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Nephrol Dial Transplant. 2015 Aug;30(8):1237-43. doi: 10.1093/ndt/gfu320. Epub 2014 Oct 17.

Analysis of risk factors associated with renal function trajectory over time: a comparison of different statistical approaches.

Author information

1
University of Bordeaux, ISPED, Centre INSERM U897-Epidemiology-Biostatistics, Bordeaux, France.
2
CNR-IBIM/IFC, Clinical Epidemiology and Physiopathology of Renal Diseases and Hypertension of Reggio Calabria, Calabria, Italy.
3
Department of Medical Informatics, Academic Medical Center, ERA-EDTA Registry, Amsterdam, Netherlands.
4
Medical University of Vienna, Center for Medical Statistics, Informatics and Intelligent Systems, Vienna, Austria.

Abstract

BACKGROUND:

The most commonly used methods to investigate risk factors associated with renal function trajectory over time include linear regression on individual glomerular filtration rate (GFR) slopes, linear mixed models and generalized estimating equations (GEEs). The objective of this study was to explain the principles of these three methods and to discuss their advantages and limitations in particular when renal function trajectories are not completely observable due to dropout.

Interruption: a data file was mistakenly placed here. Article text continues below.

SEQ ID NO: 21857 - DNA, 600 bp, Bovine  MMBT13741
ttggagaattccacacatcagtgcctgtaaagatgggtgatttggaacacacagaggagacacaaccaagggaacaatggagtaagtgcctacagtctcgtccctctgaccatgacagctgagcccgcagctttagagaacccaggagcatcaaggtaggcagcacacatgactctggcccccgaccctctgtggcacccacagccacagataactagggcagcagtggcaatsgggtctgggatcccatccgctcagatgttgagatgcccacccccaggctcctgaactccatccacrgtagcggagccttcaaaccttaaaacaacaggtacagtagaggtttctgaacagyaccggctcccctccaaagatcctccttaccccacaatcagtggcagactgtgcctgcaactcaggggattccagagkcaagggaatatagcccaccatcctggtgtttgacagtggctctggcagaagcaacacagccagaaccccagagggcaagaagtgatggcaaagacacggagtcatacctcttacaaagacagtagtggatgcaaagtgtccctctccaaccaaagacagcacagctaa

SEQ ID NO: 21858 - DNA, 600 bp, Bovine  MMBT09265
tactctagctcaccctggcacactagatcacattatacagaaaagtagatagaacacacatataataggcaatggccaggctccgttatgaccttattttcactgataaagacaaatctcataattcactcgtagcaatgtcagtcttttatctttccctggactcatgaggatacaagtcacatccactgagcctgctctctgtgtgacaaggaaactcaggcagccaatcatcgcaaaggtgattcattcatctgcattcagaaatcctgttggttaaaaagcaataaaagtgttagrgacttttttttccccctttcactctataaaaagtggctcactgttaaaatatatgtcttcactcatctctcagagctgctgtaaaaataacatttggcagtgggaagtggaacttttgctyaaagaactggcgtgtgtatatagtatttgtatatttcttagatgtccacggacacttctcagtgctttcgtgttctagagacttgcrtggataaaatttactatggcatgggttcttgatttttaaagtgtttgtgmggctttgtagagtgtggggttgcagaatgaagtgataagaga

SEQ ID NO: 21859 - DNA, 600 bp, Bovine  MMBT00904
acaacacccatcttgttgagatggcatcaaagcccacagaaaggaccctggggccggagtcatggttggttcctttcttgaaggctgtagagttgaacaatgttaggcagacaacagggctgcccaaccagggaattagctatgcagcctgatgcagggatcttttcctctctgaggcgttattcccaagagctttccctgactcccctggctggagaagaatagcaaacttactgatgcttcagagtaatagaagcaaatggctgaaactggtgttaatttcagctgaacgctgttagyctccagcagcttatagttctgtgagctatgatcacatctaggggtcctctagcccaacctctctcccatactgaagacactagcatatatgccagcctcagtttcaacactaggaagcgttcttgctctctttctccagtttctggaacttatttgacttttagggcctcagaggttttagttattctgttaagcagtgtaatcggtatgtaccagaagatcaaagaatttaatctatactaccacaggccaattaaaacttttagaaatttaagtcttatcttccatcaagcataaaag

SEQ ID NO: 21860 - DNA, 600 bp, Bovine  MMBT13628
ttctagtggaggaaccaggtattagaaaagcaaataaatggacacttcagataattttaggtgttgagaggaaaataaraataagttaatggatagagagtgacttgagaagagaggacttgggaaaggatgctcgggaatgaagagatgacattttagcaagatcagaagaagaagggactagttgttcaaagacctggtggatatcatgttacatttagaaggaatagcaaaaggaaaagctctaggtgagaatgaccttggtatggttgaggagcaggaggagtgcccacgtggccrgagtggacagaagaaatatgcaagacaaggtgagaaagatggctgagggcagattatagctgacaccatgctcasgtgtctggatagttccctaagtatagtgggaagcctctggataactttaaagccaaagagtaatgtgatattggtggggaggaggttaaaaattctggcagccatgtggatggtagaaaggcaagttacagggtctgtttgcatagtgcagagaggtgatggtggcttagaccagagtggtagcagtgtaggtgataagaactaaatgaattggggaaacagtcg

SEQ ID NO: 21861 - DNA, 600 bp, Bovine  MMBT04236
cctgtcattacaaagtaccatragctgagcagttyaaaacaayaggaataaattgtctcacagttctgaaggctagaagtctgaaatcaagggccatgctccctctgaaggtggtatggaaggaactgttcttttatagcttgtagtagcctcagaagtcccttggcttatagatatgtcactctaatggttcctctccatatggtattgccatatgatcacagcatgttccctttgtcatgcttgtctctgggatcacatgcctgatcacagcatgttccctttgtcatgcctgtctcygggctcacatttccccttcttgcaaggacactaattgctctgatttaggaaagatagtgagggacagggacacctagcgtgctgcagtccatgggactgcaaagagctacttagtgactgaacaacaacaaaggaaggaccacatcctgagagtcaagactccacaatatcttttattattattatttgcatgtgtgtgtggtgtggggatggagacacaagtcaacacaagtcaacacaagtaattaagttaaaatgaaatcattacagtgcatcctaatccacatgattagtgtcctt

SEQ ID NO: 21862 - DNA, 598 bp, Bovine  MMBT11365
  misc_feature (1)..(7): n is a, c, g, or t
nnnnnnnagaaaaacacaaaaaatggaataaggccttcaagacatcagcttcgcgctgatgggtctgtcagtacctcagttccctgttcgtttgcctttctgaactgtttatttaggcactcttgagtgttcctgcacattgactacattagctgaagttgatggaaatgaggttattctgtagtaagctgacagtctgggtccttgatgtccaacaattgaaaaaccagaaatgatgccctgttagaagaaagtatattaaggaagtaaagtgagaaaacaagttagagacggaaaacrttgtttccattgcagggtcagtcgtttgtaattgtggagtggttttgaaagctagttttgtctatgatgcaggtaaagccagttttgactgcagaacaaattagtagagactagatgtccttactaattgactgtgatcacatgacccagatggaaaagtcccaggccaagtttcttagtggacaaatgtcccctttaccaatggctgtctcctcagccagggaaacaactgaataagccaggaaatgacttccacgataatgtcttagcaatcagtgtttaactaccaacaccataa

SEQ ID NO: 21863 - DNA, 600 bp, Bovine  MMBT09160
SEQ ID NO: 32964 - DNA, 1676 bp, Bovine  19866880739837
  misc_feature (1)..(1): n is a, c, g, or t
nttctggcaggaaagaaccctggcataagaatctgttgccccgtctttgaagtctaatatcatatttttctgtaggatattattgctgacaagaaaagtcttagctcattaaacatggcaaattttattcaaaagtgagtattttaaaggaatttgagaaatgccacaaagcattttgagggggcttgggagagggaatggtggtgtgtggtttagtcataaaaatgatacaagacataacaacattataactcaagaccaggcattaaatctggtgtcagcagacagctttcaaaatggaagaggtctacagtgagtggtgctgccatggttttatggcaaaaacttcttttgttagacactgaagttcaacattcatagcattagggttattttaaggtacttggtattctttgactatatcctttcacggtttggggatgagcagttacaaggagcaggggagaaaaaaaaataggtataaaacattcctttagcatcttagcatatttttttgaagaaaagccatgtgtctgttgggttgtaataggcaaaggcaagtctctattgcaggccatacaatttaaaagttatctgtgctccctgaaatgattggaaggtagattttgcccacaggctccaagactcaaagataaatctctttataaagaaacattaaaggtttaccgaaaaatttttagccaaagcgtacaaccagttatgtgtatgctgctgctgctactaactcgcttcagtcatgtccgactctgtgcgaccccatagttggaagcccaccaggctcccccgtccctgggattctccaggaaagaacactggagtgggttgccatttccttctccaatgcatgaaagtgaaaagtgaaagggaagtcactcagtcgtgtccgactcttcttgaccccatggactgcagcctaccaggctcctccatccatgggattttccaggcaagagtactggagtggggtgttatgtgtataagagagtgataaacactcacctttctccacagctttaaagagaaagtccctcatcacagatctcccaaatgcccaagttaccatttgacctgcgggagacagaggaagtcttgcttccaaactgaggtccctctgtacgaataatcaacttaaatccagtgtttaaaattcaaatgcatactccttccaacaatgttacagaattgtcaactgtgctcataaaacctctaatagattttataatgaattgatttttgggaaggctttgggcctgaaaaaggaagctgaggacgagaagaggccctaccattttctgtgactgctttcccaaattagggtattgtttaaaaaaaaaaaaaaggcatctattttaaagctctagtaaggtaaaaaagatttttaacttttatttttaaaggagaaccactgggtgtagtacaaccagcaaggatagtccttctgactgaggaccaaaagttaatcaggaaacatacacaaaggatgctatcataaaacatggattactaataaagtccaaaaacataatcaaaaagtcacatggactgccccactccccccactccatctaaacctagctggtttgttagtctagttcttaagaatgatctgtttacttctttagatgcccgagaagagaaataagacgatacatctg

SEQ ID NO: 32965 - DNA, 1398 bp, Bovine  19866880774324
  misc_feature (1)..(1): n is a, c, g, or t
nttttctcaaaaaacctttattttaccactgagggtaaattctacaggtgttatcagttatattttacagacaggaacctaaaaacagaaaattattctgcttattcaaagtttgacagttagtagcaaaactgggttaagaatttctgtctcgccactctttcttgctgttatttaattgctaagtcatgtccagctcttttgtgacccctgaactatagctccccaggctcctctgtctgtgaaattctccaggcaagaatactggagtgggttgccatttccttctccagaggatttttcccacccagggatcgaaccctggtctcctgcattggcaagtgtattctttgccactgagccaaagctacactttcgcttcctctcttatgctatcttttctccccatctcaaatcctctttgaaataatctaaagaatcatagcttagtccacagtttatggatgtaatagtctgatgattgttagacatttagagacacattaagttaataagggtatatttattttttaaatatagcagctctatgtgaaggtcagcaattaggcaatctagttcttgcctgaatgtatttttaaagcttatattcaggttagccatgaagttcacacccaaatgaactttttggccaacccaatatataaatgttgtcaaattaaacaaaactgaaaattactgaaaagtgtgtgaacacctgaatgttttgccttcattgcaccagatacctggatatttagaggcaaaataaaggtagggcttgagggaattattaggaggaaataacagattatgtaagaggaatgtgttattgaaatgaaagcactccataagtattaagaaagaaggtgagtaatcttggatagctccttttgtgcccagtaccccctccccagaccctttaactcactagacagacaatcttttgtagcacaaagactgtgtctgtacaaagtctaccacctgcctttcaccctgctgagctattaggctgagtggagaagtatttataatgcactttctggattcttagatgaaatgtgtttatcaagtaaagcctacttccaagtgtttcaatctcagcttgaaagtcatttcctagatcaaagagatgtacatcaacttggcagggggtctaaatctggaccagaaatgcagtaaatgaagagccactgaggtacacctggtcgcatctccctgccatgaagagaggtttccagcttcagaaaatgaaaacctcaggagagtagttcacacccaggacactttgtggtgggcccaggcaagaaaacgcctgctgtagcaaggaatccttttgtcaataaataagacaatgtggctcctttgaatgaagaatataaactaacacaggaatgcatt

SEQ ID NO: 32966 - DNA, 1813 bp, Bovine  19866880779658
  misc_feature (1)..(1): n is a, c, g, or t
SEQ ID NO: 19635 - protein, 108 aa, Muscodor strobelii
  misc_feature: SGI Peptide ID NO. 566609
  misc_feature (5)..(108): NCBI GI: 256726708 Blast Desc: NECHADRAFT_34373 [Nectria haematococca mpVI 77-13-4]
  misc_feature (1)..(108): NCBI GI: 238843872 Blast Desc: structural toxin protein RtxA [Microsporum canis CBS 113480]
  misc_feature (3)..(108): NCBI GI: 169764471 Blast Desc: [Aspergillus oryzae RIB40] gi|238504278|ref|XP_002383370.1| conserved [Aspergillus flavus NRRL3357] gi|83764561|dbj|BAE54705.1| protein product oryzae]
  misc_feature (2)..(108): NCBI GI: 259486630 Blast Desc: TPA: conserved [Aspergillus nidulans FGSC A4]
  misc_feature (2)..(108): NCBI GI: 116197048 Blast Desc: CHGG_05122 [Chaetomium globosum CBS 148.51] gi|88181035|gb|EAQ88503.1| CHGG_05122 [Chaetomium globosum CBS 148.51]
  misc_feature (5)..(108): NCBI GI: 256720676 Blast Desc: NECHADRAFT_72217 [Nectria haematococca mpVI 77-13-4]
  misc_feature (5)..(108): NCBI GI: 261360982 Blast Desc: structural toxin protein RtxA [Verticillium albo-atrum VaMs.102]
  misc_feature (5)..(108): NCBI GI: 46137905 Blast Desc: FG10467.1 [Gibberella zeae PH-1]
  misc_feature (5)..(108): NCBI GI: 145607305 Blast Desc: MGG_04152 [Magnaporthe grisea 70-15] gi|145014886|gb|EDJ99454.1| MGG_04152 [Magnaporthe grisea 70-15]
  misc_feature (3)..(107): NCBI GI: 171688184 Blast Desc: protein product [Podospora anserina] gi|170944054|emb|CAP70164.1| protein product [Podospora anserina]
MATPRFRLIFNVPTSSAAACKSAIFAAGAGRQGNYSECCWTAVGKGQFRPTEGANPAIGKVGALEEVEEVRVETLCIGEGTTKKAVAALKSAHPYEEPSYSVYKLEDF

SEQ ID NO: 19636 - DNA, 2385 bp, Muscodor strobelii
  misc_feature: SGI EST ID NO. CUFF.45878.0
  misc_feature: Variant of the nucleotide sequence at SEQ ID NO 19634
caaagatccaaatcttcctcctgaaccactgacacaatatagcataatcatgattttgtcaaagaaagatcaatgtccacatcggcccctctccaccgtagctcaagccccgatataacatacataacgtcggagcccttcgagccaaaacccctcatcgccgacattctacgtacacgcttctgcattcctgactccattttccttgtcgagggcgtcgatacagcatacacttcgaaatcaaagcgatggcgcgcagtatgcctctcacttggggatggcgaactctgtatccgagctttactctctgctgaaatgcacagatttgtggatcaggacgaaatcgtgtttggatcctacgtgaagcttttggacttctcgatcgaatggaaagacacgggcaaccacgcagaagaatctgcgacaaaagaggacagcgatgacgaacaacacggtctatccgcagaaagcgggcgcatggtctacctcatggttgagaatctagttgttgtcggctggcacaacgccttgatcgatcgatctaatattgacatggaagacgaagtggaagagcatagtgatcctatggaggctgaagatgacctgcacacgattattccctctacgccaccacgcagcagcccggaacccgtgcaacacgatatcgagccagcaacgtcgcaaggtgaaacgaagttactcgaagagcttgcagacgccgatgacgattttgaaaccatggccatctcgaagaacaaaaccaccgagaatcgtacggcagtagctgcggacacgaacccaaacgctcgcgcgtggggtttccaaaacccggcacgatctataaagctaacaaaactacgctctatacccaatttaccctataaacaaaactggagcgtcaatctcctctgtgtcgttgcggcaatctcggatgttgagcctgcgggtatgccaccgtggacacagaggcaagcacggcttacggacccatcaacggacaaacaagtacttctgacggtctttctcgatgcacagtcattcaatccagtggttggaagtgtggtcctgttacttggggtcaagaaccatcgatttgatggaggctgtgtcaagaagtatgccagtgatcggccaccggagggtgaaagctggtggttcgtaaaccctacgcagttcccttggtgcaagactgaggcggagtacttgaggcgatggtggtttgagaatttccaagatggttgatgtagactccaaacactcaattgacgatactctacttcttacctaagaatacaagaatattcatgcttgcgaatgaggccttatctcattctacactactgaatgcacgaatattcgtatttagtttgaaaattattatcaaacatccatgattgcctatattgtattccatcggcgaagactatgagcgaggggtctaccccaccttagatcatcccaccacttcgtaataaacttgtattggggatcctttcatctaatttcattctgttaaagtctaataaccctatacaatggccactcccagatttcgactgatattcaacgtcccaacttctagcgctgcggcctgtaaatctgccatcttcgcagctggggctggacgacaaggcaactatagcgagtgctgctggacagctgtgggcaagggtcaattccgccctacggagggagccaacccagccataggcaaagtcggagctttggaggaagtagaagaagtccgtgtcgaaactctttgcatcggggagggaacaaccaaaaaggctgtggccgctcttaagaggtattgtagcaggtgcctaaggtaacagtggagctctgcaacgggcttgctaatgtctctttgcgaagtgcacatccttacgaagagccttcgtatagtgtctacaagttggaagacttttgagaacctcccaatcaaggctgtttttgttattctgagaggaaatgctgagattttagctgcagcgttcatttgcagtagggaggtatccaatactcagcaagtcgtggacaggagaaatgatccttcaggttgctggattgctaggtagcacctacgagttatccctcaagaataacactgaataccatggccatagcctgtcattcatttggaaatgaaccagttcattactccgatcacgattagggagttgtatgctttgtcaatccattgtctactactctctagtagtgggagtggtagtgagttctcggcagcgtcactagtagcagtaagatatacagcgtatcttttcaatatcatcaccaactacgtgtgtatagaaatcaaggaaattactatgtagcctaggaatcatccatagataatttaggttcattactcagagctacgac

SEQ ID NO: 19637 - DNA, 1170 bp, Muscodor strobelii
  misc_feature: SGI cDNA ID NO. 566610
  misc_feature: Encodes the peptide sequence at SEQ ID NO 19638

METHODS:

We generated data from a hypothetical cohort of 200 patients with chronic kidney disease at inclusion and seven subsequent annual measurements of GFR. The data were generated such that both baseline level and slope of GFR over time were associated with baseline albuminuria status. In a second version of the dataset, we assumed that patients systematically dropped out after a GFR measurement of <15 mL/min/1.73 m(2). Each dataset was analysed with the three methods.

RESULTS:

The estimated effects of baseline albuminuria status on GFR slope were similar among the three methods when no patient dropped out. When 32.7% dropped out, standard GEE provided biased estimates of the mean GFR slope in normo-, micro- and macroalbuminuric patients. Linear regression on individual slopes and linear mixed models provided slope estimates of the same magnitude, likely because most patients had at least three GFR measurements. However, the linear mixed model was the only method to provide effect estimates on both slope and baseline level of GFR unaffected by dropout.

CONCLUSION:

This study illustrates that the linear mixed model is the preferred method to investigate risk factors associated with renal function trajectories in studies, where patients may dropout during the study period because of initiation of renal replacement therapy.

KEYWORDS:

chronic kidney disease; dropout; generalized estimating equations; glomerular filtration rate; linear mixed model

PMID:
25326471
DOI:
10.1093/ndt/gfu320
[Indexed for MEDLINE]

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